A proposed system to protect persons reporting breaches of EU law – known as whistleblowers – could increase their legal rights in all Member States and give citizens a central role in ensuring EU rules are applied in the context of their work, according to a new Opinion from the European Court of Auditors. The auditors give the proposal a warm welcome, although they note that in some cases it may be too complex to be fully effective.
In April 2018, following a number of high-profile cases, the European Commission proposed a Directive on the protection of whistleblowers, which is currently being considered by the European Parliament and the Council.
The auditors consider that the proposed system would help improve the management of EU policies and programmes, as a complement to infringement procedures initiated by the Commission against Member States. Where the EU’s financial interests are concerned, whistleblowing has the potential to generate savings for the EU budget, they add.
“Member States currently have a wide range of approaches to whistleblowing and EU law takes a piecemeal approach”, said Pietro Russo, the Member of the European Court of Auditors responsible for the Opinion. “A comprehensive, well-designed and user-friendly Directive could be an effective tool and could contribute to the protection of the EU budget, sound financial management and accountability.”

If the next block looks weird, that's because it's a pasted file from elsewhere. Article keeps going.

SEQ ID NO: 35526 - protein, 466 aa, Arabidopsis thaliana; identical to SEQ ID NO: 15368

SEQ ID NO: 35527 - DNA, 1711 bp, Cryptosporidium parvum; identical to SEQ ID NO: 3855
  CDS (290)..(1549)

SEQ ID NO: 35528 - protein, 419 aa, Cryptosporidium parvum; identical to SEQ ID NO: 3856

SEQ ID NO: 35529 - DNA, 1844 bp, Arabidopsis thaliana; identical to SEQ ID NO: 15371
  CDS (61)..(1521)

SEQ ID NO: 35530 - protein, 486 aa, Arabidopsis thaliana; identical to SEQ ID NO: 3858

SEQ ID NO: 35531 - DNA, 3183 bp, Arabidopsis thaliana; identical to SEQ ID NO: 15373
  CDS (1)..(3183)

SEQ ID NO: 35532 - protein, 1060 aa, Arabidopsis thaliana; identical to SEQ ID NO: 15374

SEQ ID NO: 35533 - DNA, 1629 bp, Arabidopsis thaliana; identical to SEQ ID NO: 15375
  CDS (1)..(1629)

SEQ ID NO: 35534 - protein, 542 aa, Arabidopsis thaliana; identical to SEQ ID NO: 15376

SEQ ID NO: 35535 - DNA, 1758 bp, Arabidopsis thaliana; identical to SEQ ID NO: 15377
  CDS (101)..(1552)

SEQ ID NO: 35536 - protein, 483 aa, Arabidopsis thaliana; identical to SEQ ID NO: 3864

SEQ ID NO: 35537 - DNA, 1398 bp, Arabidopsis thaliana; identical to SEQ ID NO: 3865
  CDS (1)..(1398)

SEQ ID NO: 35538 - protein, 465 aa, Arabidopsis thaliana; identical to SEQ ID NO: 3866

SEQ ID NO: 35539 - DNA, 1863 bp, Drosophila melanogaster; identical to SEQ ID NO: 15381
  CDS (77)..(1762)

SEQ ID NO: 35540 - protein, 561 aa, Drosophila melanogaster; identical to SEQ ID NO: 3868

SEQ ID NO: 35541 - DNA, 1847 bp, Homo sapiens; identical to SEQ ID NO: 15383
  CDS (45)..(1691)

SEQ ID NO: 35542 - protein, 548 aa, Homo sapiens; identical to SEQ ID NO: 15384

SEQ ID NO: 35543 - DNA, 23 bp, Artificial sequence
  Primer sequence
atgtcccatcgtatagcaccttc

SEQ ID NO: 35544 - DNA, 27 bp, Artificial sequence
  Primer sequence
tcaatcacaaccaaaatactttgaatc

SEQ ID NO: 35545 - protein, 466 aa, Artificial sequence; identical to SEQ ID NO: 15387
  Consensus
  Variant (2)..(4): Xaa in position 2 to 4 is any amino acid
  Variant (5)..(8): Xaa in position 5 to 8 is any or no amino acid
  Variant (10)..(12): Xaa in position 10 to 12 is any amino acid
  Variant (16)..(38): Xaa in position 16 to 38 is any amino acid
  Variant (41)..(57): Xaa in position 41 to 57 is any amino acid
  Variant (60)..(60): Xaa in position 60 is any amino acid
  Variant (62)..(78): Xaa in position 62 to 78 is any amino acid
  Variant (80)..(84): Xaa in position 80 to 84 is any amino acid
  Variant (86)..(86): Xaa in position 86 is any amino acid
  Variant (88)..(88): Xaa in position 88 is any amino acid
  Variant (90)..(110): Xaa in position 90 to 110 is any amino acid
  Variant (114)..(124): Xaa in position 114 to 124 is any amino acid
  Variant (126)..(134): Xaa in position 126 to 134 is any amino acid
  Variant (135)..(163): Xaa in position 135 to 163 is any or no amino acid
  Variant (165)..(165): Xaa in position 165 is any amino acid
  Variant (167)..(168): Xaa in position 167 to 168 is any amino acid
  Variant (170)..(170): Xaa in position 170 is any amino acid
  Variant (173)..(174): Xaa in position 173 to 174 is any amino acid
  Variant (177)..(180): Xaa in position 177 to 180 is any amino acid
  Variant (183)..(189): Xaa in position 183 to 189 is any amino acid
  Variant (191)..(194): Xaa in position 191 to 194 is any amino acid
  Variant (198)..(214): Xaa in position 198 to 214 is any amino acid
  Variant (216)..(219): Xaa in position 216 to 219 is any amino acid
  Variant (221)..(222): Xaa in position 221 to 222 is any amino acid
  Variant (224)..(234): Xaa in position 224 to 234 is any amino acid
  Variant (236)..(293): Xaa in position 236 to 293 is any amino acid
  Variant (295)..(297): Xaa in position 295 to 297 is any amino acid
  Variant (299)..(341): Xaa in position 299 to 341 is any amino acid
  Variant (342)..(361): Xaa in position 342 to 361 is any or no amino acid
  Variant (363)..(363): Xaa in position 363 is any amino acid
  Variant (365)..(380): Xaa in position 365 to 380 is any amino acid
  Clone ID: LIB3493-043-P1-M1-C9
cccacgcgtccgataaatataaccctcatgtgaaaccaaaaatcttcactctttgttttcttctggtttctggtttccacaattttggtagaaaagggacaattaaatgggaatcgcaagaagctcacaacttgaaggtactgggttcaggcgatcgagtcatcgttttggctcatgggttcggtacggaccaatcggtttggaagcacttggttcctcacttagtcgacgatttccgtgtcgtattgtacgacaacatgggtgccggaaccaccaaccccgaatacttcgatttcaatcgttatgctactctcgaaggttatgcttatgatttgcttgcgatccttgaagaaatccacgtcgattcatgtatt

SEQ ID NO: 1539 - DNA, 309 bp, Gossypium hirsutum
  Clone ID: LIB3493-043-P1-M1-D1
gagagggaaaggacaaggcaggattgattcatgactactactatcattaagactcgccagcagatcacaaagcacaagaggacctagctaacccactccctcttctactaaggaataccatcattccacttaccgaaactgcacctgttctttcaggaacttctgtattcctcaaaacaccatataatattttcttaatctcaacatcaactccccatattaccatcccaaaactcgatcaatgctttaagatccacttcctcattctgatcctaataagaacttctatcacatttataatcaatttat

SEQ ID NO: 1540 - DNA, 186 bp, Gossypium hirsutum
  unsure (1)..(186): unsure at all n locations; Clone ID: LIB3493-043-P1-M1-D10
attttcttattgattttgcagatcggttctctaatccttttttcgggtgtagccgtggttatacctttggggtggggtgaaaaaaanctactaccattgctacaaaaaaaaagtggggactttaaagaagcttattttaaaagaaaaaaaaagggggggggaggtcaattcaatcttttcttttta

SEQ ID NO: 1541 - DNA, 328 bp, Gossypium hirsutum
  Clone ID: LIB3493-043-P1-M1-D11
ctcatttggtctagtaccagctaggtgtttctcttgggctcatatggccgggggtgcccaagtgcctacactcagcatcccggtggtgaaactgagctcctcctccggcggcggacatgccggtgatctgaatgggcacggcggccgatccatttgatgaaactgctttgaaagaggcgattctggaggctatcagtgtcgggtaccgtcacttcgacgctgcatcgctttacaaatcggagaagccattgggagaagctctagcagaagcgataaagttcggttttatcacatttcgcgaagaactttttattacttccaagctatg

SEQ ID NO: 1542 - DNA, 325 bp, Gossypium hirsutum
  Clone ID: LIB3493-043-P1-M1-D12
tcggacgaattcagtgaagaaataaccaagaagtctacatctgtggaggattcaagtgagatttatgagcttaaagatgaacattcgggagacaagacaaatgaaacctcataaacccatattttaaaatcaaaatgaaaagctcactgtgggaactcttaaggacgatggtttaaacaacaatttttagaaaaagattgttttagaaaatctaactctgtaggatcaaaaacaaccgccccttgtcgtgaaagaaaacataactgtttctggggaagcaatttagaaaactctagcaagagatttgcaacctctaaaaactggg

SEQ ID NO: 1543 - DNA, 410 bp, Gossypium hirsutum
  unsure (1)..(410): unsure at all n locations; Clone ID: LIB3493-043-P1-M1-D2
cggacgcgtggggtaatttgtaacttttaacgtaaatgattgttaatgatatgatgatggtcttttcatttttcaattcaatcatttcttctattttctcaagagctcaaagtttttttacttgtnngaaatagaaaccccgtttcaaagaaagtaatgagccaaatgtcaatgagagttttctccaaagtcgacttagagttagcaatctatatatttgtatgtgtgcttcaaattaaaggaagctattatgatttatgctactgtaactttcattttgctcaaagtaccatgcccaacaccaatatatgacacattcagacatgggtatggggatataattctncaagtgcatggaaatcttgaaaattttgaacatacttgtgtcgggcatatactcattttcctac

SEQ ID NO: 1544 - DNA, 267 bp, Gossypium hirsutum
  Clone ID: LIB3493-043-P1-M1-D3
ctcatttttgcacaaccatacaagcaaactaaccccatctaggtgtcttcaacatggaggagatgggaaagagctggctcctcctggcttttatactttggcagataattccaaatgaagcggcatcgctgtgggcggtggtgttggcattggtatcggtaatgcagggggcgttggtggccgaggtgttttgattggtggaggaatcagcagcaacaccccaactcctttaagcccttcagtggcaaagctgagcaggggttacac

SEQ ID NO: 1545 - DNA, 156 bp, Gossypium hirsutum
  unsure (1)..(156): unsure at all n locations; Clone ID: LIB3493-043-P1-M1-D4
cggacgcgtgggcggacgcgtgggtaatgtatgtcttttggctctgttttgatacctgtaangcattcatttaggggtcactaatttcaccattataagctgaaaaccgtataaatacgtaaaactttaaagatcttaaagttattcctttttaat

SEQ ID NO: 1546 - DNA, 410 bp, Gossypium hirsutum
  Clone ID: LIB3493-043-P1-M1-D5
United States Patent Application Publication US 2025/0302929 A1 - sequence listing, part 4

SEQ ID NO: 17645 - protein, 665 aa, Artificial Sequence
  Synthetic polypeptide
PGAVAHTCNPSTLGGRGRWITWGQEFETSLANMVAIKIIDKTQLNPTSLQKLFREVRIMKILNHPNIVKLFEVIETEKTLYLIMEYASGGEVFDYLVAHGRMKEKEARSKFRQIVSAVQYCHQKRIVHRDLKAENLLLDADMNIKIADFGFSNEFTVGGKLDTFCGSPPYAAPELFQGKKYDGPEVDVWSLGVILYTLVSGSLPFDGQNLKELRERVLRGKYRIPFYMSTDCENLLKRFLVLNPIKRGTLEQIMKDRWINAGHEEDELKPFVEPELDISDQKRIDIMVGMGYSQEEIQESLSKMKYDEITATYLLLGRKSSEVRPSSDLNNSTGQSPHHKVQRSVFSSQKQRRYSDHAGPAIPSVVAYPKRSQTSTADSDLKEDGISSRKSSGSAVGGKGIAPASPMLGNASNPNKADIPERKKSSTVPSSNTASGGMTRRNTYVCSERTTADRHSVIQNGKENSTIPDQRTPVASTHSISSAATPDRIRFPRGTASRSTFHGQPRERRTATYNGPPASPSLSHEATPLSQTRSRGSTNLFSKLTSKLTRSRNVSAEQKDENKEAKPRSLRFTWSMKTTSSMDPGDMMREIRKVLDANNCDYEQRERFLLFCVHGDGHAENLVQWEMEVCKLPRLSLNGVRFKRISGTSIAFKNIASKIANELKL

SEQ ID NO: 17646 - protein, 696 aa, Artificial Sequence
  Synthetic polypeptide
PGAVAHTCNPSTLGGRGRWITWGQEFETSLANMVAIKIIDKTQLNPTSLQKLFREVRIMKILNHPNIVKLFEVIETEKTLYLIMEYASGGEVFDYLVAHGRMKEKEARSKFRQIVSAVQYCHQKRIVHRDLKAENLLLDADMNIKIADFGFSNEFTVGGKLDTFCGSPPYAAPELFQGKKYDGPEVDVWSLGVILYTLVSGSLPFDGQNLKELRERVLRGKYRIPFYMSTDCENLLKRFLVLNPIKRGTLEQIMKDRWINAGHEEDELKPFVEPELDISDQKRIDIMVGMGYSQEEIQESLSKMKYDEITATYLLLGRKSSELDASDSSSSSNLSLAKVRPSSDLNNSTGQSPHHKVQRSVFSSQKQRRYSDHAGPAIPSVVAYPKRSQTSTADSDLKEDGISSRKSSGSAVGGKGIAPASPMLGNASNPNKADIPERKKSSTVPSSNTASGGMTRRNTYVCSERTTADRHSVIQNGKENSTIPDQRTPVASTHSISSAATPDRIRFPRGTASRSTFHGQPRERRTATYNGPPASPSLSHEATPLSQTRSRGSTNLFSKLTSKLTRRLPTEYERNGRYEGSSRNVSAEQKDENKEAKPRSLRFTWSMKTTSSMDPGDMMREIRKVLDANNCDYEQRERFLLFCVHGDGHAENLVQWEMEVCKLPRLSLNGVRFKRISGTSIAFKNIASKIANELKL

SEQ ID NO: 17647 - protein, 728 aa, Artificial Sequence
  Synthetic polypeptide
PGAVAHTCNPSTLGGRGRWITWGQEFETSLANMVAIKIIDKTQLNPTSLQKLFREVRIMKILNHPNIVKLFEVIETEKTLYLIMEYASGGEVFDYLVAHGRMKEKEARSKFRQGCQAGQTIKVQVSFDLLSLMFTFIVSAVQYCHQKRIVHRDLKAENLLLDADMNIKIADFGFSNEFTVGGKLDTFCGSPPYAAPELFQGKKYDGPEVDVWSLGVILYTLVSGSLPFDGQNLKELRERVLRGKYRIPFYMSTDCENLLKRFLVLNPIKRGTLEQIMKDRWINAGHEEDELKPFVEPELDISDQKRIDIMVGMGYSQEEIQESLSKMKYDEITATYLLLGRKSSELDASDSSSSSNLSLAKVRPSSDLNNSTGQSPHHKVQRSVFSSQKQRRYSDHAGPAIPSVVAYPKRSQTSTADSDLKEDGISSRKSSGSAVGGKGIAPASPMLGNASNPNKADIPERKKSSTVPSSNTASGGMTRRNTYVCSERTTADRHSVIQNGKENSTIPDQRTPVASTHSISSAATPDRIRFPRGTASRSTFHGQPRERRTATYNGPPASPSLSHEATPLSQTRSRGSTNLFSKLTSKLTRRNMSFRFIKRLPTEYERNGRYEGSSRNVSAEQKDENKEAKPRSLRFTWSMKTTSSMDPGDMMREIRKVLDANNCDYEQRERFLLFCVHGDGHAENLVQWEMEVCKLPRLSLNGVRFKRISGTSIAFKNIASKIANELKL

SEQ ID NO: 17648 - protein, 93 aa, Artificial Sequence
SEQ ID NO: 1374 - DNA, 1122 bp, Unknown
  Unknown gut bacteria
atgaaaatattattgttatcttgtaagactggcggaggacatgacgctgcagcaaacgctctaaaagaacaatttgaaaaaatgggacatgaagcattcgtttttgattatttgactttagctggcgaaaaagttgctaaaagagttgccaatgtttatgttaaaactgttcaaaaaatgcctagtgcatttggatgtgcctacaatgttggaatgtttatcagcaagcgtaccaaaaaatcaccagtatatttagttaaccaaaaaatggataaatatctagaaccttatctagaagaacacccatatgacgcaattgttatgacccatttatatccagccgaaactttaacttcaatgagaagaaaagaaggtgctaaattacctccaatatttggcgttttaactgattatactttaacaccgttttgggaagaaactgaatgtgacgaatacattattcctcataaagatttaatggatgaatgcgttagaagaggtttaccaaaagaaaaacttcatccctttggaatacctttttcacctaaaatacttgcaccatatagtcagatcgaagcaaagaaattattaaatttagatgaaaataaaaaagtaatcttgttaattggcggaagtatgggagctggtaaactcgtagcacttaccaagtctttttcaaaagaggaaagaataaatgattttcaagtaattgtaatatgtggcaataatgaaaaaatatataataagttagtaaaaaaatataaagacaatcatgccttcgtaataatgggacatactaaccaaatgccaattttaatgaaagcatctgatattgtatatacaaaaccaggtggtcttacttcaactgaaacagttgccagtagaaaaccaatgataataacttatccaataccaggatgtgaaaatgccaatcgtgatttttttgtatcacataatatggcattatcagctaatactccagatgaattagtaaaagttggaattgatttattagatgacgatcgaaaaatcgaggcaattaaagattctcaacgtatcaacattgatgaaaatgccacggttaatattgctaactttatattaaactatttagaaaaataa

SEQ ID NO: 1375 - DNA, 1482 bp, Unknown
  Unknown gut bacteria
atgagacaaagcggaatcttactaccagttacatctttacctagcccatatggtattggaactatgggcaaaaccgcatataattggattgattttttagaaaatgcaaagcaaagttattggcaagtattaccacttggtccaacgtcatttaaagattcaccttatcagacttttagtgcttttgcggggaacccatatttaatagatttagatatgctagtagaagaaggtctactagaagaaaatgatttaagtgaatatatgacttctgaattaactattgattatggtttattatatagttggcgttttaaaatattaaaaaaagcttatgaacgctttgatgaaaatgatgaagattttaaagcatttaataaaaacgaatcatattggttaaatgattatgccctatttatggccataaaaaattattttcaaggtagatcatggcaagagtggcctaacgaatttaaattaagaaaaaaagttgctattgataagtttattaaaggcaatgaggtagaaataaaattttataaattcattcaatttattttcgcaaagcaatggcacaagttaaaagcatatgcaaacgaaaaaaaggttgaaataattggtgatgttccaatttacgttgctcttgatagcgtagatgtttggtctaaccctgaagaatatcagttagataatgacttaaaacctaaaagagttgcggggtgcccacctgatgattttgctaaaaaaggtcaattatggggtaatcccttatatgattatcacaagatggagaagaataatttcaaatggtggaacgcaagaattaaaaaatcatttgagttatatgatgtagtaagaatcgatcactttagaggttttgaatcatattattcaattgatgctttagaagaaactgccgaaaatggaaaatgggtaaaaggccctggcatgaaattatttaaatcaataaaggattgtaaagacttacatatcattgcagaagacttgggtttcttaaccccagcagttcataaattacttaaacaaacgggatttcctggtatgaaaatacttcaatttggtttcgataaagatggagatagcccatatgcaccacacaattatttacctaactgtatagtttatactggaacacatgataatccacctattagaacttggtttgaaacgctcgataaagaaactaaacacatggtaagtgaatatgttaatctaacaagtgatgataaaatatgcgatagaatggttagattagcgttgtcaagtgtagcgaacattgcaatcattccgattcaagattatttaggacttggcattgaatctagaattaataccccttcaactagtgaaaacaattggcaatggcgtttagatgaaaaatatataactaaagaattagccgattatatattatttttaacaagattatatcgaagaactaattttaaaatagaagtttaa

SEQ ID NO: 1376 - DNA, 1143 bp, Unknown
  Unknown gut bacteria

However, the auditors are concerned by the complexity surrounding the scope of the Directive. The Commission encourages Member States to consider extending the Directive to ensure a comprehensive and coherent framework at national level. If there is no such voluntary extension, warn the auditors, potential whistleblowers would have to understand whether the breach they were planning to report was covered or not, so that they could benefit from protection. This could deter them.
The problem is partly solved by the proposal to assist potential whistleblowers with clear and easily accessible information, advice and assistance, and with measures against retaliation, say the auditors. But they also call for more staff training and awareness-raising; they stress the importance of fostering a positive and trusting environment in which whistleblowing is an accepted part of the corporate culture.
The auditors conclude that the determining factor for the protection of reporting persons should be the public interest of the information revealed. Member States should not be able to withhold protection based on a whistleblower’s subjective intentions or specific motivations.
Credit: Damijan Fišer – curia.europa.eu